What makes gay marriage okay? Lots of times, the media argues that public opinion dictates the acceptability of same-sex marriages.
But in this fantastic column, Leonard Pitts reminds us that natural human rights are the reason gay marriage should be universally accepted. The number of people who approve is not really important.
His message is simple: popular opinion doesn’t make something right. Inalienable human rights make something right. Civil rights and interracial marriages were unpopular at first, but they were the right thing to do.
It’s great that the majority of people, 51% now, support gay marriages, but that number shouldn’t justify the fight for marriage equality. The nature of the fight does that itself.
Here’s my favorite part:
Try to imagine for a moment the consternation upon some woman’s face if a story in the paper announced that “X” percentage of Americans now favors allowing women to work outside the home. Try to picture the brisk dialogue that would ensue if you informed some Jewish man that you now supported his right to practice his religion.
If you can appreciate why the woman or the Jew might feel insulted by this putative magnanimity, maybe you can understand the impulse to look this gift horse in the mouth. The news seems to mandate a two-tier response. On the one hand, you are grateful to see the majority’s attitudes moderating and hopeful that this will lead to the repeal of laws restricting marriage equality. On the other hand, there is that shadow of annoyance at the notion that human rights are something to be granted at the sufferance of the majority.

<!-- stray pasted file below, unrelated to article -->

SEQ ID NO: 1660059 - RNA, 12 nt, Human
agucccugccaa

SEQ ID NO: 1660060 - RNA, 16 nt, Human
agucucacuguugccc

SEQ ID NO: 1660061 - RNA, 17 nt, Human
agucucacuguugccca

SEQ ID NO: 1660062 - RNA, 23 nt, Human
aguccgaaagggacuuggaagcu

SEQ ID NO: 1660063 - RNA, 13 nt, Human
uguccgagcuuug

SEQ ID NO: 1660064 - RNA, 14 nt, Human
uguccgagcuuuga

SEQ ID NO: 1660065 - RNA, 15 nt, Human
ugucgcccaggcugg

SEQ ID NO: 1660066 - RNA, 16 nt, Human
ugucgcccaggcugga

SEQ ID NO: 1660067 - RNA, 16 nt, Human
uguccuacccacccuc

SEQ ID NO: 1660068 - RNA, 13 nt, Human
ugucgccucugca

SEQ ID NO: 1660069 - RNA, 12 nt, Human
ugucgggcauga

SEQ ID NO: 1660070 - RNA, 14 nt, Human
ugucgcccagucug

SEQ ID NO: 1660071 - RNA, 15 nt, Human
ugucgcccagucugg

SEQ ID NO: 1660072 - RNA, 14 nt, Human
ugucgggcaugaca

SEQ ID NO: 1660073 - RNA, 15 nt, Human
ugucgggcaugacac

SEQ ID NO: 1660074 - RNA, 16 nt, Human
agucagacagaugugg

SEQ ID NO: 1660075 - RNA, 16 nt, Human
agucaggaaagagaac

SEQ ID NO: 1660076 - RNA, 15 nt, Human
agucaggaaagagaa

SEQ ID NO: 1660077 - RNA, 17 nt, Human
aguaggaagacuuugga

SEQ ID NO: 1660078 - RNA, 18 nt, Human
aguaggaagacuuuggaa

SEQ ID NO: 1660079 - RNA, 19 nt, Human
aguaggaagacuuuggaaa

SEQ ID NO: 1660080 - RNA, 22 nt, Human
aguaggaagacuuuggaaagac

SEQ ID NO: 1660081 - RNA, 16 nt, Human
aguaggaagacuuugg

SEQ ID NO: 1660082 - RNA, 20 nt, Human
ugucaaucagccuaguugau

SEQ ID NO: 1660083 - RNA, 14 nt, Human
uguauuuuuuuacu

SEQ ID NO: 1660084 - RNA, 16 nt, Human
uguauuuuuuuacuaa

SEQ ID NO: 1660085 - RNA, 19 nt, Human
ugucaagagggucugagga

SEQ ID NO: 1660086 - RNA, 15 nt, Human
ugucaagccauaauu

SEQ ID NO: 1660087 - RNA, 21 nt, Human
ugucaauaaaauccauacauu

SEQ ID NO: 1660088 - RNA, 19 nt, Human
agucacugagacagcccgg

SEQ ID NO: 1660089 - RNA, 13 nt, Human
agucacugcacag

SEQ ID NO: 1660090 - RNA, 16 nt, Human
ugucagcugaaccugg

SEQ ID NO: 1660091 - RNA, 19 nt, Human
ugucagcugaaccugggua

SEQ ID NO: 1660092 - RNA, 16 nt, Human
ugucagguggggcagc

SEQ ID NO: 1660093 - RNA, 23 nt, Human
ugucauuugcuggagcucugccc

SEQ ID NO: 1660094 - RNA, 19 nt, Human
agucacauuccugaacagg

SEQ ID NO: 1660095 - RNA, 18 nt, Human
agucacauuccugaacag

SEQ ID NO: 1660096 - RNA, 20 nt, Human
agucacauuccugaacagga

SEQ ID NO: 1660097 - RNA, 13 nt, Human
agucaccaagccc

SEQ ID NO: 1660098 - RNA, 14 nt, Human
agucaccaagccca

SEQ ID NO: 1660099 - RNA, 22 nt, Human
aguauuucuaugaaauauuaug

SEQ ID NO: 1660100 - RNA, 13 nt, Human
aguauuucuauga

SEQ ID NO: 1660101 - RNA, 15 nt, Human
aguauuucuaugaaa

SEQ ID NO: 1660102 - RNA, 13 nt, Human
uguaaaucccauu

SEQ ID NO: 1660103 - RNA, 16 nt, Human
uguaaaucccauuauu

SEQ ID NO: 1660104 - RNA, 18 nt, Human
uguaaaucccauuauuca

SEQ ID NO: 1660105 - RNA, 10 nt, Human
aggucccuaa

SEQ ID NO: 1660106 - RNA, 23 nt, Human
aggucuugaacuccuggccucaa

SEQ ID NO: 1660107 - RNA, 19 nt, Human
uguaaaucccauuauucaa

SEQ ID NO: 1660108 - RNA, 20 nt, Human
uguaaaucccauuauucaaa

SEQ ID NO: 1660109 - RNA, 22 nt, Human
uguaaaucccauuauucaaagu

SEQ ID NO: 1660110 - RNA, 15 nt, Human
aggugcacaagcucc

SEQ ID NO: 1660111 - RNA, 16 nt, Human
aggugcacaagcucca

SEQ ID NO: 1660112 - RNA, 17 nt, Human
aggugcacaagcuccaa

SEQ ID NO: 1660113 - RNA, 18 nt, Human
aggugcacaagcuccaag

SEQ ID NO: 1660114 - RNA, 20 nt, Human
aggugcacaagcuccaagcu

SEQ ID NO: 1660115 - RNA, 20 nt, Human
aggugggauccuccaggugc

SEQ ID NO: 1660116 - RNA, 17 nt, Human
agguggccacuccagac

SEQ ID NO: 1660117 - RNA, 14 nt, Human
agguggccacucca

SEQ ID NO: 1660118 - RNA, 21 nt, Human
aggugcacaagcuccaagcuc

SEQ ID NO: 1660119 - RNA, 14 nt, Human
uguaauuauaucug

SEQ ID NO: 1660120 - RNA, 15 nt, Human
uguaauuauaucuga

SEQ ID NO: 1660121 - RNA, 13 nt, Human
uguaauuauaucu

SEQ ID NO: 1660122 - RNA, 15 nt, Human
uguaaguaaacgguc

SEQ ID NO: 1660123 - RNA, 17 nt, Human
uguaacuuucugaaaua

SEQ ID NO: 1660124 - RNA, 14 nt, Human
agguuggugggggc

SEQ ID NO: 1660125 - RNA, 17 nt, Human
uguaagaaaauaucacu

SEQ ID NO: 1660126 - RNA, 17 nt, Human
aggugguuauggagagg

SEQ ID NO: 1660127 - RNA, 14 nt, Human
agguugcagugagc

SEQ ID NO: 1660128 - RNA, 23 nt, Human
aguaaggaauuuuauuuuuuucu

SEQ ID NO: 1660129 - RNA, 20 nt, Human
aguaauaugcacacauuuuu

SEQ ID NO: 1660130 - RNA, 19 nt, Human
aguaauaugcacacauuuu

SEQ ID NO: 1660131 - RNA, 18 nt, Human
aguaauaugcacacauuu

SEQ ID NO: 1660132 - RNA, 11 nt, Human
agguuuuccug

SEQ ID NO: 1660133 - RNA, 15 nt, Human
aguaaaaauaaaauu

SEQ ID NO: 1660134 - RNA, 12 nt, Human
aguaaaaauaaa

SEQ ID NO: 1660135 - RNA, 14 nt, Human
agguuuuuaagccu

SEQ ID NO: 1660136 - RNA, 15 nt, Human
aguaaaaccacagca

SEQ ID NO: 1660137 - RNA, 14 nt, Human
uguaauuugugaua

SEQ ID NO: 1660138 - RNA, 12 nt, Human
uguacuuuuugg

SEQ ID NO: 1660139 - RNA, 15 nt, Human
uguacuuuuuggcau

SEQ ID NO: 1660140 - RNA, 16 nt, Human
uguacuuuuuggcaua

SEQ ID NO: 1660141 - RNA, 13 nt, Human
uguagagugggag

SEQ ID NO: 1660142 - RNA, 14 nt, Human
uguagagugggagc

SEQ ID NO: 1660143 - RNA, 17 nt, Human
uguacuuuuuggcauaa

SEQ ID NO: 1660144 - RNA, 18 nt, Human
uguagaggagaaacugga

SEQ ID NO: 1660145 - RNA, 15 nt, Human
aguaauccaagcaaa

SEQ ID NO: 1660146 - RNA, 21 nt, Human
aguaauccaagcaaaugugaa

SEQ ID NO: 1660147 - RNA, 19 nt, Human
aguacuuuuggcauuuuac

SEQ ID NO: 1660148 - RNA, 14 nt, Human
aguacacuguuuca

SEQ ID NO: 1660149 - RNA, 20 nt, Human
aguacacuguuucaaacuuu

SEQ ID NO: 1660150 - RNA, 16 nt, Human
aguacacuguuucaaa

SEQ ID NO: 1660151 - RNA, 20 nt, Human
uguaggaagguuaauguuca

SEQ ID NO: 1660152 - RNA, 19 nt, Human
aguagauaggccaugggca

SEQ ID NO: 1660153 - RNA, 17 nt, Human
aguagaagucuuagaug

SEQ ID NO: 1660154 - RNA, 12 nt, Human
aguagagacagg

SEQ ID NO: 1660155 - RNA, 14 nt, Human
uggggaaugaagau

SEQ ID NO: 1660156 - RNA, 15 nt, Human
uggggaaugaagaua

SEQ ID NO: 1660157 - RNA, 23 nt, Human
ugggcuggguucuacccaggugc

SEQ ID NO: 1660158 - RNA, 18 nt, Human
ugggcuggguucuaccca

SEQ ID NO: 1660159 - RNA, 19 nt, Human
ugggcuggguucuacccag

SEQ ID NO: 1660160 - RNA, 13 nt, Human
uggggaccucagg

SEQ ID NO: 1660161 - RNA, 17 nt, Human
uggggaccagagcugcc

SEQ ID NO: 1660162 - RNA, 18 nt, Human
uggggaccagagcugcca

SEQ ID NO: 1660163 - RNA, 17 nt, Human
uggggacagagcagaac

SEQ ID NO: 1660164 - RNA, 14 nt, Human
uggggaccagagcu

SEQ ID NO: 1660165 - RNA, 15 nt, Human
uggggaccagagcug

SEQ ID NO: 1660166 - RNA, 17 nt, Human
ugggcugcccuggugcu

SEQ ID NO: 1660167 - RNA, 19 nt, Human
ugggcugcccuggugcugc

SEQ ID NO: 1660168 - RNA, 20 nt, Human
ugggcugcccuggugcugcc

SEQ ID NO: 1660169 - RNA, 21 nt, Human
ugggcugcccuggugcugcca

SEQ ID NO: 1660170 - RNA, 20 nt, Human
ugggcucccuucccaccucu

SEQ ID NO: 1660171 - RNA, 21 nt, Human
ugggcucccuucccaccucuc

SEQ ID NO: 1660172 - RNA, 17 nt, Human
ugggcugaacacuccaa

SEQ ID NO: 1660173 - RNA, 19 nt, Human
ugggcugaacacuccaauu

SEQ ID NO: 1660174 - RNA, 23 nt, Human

Please read this column. Pitts is a brilliant writer and I’d be hard-pressed to find someone who can effectively argue against this point. Well done, sir.
Rape Culture 101:
After I was date-raped, I had to explain to the authorities:
-what outfit I wore
-what I drank
-what I ate
-what I said
-if I crossed my legs
-how I laughed
-if I laughed
-the makeup I wore
-what underwear I wore
-who I talked to
-what bar I went to
-who my friends are
-what type of car I drive
-what type of shoes I wore
-if I wore tights
-how many sexual partners I have had
-my sexual orientation
-the age I lost my virginity
-if I was wearing perfume
-the color of my hair
-if I said “no”
-when I said “no”
-how I said “no”
-how many times I said “no”
-why it was in my bed
-why I had no bruises
-why his number was programmed in my phone
-why we were friends on facebook
-why I said yes to a date
-why I let him pay
-why I went to class the next day
-if I showered
-why I didn’t stop him
After he raped me, he had to explain:
nothing. because they never asked him.
“Rape culture” is living a society where rape is defined by the circumstances rather than the action.
it’s 2011. this shouldn’t be happening.
^^ Agreed. It’s so upsetting and frustrating and sickening.